Posts

What is Torticollis?

, ,

What is Torticollis ? 

Torticollis is the term used to describe the tightening of a muscle in baby’s neck. It is the shortening of one of the neck muscles, the sternocleidomastoid (SCM), which results in the baby’s head tilting slightly to the side and rotating in the opposite direction. 

What are some causes of torticollis?

  • Position of baby in utero (higher risk with twins or pregnancies with growth restrictions)
  • A long/difficult labour and delivery which can cause muscle spasms in baby’s neck
  • A preference of looking one direction over the other, eventually leading to the muscle shortening
  • Having a flat spot on the head may cause the baby to always rest in this position and over time, tightens the muscle

These are some conditions that appear like torticollis and are important to rule out: 

  • Vision difficulties
  • Hearing difficulties 
  • Reflux or GERD 
  • Viral infections 
  • Improper alignment of the spine 

How will torticollis impact my child?

Imagine your baby trying to develop their gross-motor milestones while their head is always tilted and looking one way. They will have difficulty with the following:

  • Learning to roll both directions
  • Learning how to sit independently
  • Discovering where the center of their body is (discovering midline)

Furthermore, torticollis can often lead to plagiocephaly – a flat spot on baby’s head, because of a preference to always rest in one position. See our plagiocephaly post here: Help! My baby has a flat head!

The neat thing about torticollis and plagiocephaly is it can be corrected quite easily, especially from a young age. EARLY INTERVENTION is key, and easiest to treat. 

What to expect during an assessment with your paediatric physiotherapist:

  • We will see how your baby’s neck moves to determine if there are any restrictions
  • Rule out the more complicated causes of torticollis
  • Provide tips to help to correct this and if warranted, give you stretches and strengthening exercises appropriate for the stage of your baby’s development
  • Depending on baby’s age and severity of the torticollis, we may also track your baby’s head shape to ensure they’re not developing a flat spot

Remember, the EARLIER the BETTER. It’s much easier to work on positioning and stretching exercises with younger babies, and that can allow us to introduce strength exercises at the optimal time. 

If you have any questions, please contact us at hello@playworksphysio.com! We’re able to provide assessments over video call until we get over the COVID-19 hurdle. You do not need a referral for physiotherapy.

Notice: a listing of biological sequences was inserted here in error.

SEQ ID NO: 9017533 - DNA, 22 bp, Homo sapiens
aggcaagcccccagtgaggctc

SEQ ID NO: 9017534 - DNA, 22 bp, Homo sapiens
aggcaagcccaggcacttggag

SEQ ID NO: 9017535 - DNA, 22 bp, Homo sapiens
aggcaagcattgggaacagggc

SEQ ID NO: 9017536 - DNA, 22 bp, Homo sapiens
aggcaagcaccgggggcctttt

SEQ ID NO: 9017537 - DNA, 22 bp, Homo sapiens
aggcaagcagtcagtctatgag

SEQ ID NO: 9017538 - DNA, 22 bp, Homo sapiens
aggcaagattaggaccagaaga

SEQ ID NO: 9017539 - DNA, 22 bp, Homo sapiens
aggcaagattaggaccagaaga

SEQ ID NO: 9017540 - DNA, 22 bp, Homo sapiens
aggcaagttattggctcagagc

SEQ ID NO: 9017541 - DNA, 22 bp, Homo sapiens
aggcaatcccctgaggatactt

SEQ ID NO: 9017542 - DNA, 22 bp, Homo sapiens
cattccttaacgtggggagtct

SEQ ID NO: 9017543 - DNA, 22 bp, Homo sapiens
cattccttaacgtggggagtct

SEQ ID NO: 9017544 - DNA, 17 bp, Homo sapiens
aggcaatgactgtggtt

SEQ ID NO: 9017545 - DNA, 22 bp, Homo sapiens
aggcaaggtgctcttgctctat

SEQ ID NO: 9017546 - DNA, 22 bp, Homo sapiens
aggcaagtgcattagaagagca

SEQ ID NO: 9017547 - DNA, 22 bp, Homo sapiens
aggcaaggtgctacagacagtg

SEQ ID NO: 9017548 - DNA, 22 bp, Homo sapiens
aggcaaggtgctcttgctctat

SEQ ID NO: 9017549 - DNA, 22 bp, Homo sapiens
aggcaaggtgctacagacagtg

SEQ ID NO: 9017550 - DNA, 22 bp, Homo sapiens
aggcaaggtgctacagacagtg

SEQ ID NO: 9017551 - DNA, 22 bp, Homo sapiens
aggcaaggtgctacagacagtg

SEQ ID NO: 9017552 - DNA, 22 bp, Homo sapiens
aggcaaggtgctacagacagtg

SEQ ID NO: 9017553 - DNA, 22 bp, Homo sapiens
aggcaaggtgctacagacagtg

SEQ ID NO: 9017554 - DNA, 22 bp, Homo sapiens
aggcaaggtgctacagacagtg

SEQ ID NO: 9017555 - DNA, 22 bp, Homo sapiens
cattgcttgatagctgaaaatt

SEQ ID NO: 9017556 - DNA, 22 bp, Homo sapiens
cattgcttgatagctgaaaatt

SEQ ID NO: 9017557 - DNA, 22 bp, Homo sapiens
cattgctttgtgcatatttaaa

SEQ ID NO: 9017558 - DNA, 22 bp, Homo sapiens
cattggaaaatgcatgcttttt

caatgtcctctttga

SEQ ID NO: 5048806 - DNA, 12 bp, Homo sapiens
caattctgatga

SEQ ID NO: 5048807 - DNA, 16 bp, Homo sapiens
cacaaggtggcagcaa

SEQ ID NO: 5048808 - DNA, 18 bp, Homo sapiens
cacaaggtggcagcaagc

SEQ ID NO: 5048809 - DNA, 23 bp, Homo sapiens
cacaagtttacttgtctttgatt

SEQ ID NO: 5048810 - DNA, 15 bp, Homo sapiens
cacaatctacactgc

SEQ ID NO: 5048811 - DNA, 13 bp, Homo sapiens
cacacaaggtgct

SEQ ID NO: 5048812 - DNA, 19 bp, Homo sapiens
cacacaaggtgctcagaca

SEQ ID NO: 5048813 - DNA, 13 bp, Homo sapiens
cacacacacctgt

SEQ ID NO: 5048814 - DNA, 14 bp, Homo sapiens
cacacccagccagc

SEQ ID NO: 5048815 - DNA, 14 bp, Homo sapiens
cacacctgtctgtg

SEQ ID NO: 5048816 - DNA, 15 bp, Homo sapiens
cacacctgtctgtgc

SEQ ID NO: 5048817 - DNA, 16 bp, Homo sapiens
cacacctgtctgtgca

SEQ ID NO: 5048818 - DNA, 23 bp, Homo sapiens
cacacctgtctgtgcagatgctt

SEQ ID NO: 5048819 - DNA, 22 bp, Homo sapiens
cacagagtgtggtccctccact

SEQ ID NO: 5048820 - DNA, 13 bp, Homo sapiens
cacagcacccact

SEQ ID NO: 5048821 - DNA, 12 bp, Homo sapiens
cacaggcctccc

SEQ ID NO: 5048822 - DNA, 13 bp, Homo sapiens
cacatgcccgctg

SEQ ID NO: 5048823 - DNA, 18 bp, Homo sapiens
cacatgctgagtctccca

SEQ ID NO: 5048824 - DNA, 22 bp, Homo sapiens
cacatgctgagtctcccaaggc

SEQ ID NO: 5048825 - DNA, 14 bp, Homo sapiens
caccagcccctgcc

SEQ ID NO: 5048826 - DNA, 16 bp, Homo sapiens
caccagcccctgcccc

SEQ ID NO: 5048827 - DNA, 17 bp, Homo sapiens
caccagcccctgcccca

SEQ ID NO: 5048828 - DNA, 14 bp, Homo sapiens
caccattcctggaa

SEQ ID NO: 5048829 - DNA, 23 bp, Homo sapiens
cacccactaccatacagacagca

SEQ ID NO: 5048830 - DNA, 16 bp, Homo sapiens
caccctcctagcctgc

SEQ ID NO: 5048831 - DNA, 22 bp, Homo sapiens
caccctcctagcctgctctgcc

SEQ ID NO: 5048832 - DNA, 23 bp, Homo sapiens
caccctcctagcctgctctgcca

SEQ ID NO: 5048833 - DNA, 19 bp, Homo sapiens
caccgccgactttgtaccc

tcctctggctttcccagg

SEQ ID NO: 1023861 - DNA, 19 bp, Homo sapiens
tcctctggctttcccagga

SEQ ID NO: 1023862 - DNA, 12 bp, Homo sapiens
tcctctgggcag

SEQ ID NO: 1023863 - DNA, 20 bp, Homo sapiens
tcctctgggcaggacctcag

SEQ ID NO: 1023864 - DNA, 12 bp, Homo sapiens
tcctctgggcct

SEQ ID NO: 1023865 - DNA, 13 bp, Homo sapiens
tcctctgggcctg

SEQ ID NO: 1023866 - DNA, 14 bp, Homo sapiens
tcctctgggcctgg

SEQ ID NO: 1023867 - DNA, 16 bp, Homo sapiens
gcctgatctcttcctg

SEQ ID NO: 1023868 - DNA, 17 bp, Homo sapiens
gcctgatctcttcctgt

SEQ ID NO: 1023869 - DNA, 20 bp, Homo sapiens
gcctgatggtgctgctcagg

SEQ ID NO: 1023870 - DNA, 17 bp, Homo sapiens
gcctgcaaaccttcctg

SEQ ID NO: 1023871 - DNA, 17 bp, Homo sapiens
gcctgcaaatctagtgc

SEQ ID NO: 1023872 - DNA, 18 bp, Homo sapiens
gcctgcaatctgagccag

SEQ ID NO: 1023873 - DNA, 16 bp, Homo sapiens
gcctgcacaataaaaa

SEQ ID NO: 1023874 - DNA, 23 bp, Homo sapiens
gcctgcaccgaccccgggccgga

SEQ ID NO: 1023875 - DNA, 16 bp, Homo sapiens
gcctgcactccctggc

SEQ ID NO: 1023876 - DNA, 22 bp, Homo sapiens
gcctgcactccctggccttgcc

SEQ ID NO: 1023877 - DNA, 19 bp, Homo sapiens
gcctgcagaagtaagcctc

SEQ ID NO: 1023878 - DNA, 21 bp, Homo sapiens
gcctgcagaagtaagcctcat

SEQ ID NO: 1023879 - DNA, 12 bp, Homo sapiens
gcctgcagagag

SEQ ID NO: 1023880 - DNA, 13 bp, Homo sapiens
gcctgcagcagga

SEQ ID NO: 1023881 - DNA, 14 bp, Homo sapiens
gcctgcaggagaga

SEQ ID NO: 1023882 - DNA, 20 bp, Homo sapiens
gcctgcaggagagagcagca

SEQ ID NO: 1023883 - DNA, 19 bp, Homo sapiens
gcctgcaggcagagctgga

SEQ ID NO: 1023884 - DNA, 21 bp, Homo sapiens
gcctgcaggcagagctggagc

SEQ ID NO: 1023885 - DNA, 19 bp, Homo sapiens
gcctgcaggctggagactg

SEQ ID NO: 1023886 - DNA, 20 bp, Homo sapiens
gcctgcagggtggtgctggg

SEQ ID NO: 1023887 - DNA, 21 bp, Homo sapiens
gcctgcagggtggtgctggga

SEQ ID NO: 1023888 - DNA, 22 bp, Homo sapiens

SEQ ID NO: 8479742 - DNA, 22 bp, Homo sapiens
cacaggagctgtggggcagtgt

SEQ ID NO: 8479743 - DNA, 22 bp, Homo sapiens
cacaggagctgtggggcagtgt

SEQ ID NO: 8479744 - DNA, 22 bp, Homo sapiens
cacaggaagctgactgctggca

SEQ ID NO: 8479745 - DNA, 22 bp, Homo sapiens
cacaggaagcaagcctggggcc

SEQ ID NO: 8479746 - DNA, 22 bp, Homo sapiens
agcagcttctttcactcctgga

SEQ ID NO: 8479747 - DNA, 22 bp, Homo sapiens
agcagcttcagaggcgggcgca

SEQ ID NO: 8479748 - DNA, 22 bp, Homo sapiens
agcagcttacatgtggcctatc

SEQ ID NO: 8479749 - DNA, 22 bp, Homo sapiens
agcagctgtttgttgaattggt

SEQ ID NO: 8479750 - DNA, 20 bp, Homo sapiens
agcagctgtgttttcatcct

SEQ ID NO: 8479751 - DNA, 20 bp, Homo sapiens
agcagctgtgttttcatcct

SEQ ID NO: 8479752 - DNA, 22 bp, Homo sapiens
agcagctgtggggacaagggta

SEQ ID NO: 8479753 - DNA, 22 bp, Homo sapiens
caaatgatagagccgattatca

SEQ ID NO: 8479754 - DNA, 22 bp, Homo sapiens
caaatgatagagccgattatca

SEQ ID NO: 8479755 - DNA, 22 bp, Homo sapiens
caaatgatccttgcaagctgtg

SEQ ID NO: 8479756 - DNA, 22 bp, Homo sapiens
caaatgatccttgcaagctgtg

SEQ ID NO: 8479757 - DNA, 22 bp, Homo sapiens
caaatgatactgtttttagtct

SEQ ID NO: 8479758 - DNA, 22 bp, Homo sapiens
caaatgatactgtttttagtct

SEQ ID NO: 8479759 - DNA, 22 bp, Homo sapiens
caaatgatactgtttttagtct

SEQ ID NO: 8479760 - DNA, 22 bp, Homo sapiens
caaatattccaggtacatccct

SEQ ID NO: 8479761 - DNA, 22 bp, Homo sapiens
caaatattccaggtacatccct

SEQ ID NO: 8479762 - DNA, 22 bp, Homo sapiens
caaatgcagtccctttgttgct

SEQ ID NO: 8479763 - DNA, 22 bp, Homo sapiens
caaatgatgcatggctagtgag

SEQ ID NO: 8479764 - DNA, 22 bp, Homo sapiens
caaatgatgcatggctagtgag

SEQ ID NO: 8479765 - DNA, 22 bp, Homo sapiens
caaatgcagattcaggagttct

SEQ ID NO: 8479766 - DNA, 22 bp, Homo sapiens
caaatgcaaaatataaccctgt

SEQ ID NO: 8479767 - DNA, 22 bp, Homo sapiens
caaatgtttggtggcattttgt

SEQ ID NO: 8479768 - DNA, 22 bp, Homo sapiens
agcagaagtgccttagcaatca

Written by: Karly Dagys, Physiotherapist

Help! My baby has a flat head!

, ,

My baby has a flat head…

Is this a common issue?

YES, this is a very common issue with babies. Flattening can be caused by the following:

  • Your baby has a preference of looking in one direction, resulting from tight neck muscles
  • Your baby prefers looking in a certain direction but there are no neck restrictions
  • Your baby is a good sleeper and doesn’t move much when sleeping

 3 Types of Flattening

Plagiocephaly is flattening on one side of the head from your baby preferring to look left or right. It is often associated with tight neck muscles (torticollis). Things you may notice:

  • Flattening on the back when washing your baby’s hair
  • One cheek appears larger
  • One side of your baby’s forehead is more prominent than the other
  • One eye is slightly larger than the other

Brachycephaly is flattening directly on the back of your baby’s head and is often seen with babies who sleep for long stretches without turning their head to either side. It causes baby’s head to be wider than average.

Scaphycephaly is the rarest type of head shape issues we see and is when the head is more narrow than average. It is most commonly seen in babies who spent long periods of time in the NICU because their heads are being turned from one side to the other.

How will a flat head impact my child?

  • Depending on the severity of flattening, your child may have difficulty fitting helmets, because these are made for the average shaped head.
  • Plagiocephaly can result in a forward shift of the facial bones, which can be purely aesthetic or in severe cases can lead to jaw issues.

What can we do?

  • A paediatric physiotherapist can measure your baby’s head to determine if there are any concerns and provide you with education to best manage your baby’s head shape.
  • When recommended, we can refer you and your baby to an orthoptist for helmeting. This is dependent on your baby’s age and the severity of flattening.

When is it best to seek help?

  • The earlier the better! This provides more time to track your baby’s head growth and improvements in flattening. The earlier you come in the more likely we can address the flattening conservatively (with positioning, education and stretches if needed).
  • If a helmet referral is required, seeking help earlier is better to optimize the amount of change obtained with the helmet.

 If you have any questions about your baby’s head shape, feel free to contact us!

 

Written by: Maegan Mak